Reckon, Steve McOrmond’s first book of poems since his acclaimed 2010 collection The Good News about Armageddon, hones in on those fugitive moments when the parts of ourselves that have not been entirely subsumed by consumer capitalism escape their cages and come out to play — a photographer’s lifelong desire to collect snowflakes, an adolescent’s game of show-me-yours, the small, defiant act of letting a cellphone call go to voicemail. “The whole world has gone straight to voicemail,” McOrmond writes a line later.
With one foot in the physical world and one in the virtual, these poems embody the often-tense negotiations between “I” and a collective “we.” Concerned with the sweep of history and the rush of the now, McOrmond demonstrates a knack for bringing the vast and amorphous down to human size, making it personal: “How gone?/ Real gone. All our gift cards unredeemed.”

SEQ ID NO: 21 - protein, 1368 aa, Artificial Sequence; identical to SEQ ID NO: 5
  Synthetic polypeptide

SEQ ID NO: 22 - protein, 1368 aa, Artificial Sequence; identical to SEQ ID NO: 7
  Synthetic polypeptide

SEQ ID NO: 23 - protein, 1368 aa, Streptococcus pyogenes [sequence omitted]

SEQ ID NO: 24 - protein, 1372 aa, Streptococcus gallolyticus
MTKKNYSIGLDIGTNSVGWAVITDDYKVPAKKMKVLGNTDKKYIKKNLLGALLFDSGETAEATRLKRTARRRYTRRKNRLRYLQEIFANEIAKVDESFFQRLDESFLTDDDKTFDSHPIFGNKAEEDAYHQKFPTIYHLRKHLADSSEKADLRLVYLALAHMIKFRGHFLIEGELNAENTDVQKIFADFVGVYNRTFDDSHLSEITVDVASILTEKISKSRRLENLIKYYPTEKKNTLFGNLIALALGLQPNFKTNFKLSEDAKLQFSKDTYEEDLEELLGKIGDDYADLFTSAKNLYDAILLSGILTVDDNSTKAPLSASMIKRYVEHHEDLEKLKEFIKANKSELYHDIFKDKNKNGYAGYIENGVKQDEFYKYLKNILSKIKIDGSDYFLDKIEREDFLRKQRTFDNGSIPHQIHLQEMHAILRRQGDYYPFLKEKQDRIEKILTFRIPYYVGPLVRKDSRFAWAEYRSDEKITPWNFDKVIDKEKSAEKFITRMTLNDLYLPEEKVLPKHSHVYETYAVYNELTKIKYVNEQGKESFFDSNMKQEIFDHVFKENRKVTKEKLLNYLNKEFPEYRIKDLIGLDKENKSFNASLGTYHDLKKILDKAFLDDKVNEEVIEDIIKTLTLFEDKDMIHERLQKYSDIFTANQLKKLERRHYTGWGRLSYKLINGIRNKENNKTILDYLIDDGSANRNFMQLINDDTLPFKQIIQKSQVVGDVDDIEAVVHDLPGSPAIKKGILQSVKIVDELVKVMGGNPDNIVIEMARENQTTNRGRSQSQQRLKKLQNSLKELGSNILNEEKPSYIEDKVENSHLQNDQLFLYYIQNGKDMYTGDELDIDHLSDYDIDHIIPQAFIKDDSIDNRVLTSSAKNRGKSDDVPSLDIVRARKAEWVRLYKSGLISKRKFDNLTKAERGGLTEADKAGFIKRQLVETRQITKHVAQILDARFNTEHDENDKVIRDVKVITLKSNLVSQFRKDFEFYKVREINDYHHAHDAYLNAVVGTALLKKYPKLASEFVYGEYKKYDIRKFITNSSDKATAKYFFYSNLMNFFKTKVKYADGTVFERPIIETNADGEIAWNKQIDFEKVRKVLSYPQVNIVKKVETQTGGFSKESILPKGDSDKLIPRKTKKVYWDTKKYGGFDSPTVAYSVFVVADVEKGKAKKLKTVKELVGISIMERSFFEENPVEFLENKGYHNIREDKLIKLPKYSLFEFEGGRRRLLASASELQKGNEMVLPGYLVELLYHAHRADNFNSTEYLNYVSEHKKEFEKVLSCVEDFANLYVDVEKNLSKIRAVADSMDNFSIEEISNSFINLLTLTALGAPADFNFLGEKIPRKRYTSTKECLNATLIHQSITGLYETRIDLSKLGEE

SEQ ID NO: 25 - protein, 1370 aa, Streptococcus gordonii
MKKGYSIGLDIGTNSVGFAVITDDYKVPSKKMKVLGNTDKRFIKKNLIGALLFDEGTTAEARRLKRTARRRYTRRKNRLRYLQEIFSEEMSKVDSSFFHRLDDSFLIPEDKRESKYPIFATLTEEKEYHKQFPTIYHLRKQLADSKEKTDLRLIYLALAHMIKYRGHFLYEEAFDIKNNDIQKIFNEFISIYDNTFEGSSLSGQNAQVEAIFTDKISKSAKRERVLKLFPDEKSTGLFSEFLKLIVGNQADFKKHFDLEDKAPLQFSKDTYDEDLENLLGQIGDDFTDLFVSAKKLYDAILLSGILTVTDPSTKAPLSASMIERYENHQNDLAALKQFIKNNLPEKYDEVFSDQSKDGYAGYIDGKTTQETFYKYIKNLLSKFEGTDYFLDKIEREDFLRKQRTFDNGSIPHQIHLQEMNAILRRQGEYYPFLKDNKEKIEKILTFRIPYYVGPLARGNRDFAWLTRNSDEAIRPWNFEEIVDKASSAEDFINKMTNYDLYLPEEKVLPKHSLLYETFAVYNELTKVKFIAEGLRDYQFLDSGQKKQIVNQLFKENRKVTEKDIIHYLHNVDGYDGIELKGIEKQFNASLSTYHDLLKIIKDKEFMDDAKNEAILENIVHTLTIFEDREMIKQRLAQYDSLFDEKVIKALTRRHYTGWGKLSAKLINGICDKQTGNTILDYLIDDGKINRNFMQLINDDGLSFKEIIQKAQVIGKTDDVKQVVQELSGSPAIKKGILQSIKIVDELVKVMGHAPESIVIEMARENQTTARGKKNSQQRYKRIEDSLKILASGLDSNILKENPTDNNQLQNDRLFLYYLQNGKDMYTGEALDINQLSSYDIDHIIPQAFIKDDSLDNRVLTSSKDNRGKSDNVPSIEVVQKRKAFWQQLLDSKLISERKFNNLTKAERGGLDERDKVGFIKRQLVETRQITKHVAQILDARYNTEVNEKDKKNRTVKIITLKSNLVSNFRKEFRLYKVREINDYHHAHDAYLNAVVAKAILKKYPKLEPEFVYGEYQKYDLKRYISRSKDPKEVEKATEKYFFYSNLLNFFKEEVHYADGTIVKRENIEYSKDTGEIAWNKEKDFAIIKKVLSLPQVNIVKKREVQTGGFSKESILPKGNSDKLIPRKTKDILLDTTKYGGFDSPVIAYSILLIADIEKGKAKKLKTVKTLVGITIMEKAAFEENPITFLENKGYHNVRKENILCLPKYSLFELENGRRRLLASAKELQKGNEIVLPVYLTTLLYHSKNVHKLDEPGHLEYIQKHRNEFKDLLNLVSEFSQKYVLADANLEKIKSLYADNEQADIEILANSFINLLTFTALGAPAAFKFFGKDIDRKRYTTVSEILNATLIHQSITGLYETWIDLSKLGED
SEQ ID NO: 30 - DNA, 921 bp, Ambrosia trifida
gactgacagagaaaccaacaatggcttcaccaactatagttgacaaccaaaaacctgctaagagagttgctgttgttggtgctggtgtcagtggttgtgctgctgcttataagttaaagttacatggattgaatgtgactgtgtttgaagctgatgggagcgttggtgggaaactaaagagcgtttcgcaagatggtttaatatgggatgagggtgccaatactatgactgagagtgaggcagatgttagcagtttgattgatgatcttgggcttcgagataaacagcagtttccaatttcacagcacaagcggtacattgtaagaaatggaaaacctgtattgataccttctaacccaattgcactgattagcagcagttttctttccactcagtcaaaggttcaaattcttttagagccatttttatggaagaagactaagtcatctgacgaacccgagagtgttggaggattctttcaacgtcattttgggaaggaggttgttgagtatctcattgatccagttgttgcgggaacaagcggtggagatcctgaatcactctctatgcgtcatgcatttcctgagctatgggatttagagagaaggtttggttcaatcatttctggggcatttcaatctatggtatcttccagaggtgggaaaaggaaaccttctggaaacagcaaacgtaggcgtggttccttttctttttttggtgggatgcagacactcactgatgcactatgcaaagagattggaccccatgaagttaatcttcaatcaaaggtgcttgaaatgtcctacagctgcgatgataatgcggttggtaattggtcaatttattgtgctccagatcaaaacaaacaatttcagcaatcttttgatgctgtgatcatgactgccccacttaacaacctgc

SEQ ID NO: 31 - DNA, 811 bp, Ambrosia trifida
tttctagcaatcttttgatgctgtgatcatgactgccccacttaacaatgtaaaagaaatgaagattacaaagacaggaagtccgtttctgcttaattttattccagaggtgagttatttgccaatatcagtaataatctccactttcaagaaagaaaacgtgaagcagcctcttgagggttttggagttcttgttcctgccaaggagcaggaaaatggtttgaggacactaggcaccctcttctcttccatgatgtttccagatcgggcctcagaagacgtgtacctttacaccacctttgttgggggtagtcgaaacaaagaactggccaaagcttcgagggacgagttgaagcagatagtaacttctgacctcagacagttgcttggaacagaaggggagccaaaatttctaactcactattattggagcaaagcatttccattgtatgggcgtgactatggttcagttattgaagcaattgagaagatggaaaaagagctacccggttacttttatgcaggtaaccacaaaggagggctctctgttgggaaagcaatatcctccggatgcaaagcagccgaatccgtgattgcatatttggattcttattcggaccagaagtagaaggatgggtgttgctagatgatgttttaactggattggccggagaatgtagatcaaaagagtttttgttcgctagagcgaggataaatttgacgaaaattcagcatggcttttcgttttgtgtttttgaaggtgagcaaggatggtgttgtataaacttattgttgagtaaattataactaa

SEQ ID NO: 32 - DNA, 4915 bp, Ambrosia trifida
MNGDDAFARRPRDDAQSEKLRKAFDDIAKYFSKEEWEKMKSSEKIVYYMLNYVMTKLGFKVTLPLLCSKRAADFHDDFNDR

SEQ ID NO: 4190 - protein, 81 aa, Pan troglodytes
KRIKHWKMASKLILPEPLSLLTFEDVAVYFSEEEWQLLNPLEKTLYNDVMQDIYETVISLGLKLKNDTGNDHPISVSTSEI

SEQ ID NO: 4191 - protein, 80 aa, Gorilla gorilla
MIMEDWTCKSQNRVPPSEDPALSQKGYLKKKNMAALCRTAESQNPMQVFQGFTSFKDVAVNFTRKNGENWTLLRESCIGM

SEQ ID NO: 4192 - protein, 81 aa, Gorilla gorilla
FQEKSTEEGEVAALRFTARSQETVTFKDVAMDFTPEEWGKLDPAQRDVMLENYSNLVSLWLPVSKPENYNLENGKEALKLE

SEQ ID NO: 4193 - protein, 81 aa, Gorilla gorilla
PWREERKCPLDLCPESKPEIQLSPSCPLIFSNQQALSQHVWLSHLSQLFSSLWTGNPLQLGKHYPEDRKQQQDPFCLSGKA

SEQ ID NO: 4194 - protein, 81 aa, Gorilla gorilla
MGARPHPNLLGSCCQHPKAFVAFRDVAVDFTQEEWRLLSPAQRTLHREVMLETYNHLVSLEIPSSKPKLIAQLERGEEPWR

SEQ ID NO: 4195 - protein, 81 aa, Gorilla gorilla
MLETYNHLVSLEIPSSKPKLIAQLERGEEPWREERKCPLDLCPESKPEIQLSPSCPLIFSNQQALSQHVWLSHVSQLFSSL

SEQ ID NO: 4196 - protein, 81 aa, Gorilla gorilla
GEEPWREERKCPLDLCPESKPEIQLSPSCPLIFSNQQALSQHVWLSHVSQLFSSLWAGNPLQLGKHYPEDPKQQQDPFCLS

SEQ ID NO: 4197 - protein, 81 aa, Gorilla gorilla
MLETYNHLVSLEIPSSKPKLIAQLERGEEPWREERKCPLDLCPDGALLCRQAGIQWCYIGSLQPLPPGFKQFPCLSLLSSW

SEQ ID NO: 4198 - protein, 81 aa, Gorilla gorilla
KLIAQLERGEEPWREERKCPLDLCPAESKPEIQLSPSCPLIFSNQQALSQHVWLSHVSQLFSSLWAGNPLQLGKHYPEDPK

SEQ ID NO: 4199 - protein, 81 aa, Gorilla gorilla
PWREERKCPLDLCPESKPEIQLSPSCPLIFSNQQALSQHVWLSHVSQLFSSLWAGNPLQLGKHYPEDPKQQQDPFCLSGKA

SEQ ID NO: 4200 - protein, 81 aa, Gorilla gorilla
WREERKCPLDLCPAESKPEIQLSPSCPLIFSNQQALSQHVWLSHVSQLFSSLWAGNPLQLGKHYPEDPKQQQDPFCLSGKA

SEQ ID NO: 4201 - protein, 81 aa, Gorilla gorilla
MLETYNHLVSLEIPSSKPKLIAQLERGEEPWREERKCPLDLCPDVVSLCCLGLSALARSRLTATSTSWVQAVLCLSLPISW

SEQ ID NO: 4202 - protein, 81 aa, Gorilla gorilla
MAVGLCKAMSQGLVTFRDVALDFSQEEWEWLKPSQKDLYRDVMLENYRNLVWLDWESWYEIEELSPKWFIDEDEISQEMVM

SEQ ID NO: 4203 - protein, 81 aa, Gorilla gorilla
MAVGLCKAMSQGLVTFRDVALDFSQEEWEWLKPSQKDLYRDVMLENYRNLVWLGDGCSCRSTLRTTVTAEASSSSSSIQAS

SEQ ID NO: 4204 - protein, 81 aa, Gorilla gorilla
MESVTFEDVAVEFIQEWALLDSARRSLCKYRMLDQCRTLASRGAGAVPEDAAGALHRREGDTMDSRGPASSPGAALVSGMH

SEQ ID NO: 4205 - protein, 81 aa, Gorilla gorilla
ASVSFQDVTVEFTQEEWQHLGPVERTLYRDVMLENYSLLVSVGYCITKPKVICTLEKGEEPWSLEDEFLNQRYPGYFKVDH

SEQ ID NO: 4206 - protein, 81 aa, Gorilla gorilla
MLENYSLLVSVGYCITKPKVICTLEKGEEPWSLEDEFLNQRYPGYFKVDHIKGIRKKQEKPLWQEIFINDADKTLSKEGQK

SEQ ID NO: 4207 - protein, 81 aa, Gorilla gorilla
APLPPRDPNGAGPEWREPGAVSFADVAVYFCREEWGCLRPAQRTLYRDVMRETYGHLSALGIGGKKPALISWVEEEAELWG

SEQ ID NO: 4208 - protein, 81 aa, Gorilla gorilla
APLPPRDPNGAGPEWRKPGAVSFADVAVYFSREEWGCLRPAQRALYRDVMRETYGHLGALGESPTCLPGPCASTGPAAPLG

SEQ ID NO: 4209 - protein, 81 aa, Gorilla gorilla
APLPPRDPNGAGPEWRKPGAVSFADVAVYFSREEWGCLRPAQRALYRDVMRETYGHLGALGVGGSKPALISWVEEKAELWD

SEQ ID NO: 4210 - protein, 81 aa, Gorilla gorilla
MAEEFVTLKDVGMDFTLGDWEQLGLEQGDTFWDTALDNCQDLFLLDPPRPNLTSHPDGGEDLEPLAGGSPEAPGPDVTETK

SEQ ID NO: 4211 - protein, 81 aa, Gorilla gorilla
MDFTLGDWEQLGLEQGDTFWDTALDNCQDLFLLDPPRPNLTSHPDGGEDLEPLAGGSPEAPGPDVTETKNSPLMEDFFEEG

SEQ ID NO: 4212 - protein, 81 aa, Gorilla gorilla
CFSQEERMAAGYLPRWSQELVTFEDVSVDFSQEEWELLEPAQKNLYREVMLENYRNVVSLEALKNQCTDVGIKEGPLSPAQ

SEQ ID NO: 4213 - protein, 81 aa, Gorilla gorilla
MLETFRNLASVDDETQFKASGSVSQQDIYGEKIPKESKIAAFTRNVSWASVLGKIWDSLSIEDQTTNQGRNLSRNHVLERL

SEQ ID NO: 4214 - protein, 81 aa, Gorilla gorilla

Responding to a poem from Reckon that appeared on Poetry Daily, comedian Patton Oswalt tweeted a perceptive one-liner review: “Steve McOrmond’s new poem, ‘Pure Outrage,’ is really funny and, if you read it right, kind of scary.” While at times these poems reach out from a place of isolation, across a distance greater than words, one always senses an earnest desire for connection and engagement: Here, take my hand. Maybe it’s not too late.
Praise for Reckon:
“Creeping dread, bemused wonder, and a species of headlong incredulity inform Steve McOrmond’s processing of the new century’s prodigious cultural jetsam, its ‘wilderness of signs’. Reckon apprehends the strangeness in the commonplace, and the anxiety humming in everyday chatter, fact and argument, whether it be live or digitized. ‘What do they open, the keys that come rotoring down from the maple trees?’ Turns out it’s complicated.” — Kevin Connolly
“The isolation and confusion of the modern age come to life in Steve McOrmond’s new book Reckon in a way that is disquieting and strangely comforting at the same time.” — Ron Sexsmith
Weaving a More Connected World — The Fiddlehead
New poetry to make sense of modern life — Toronto Star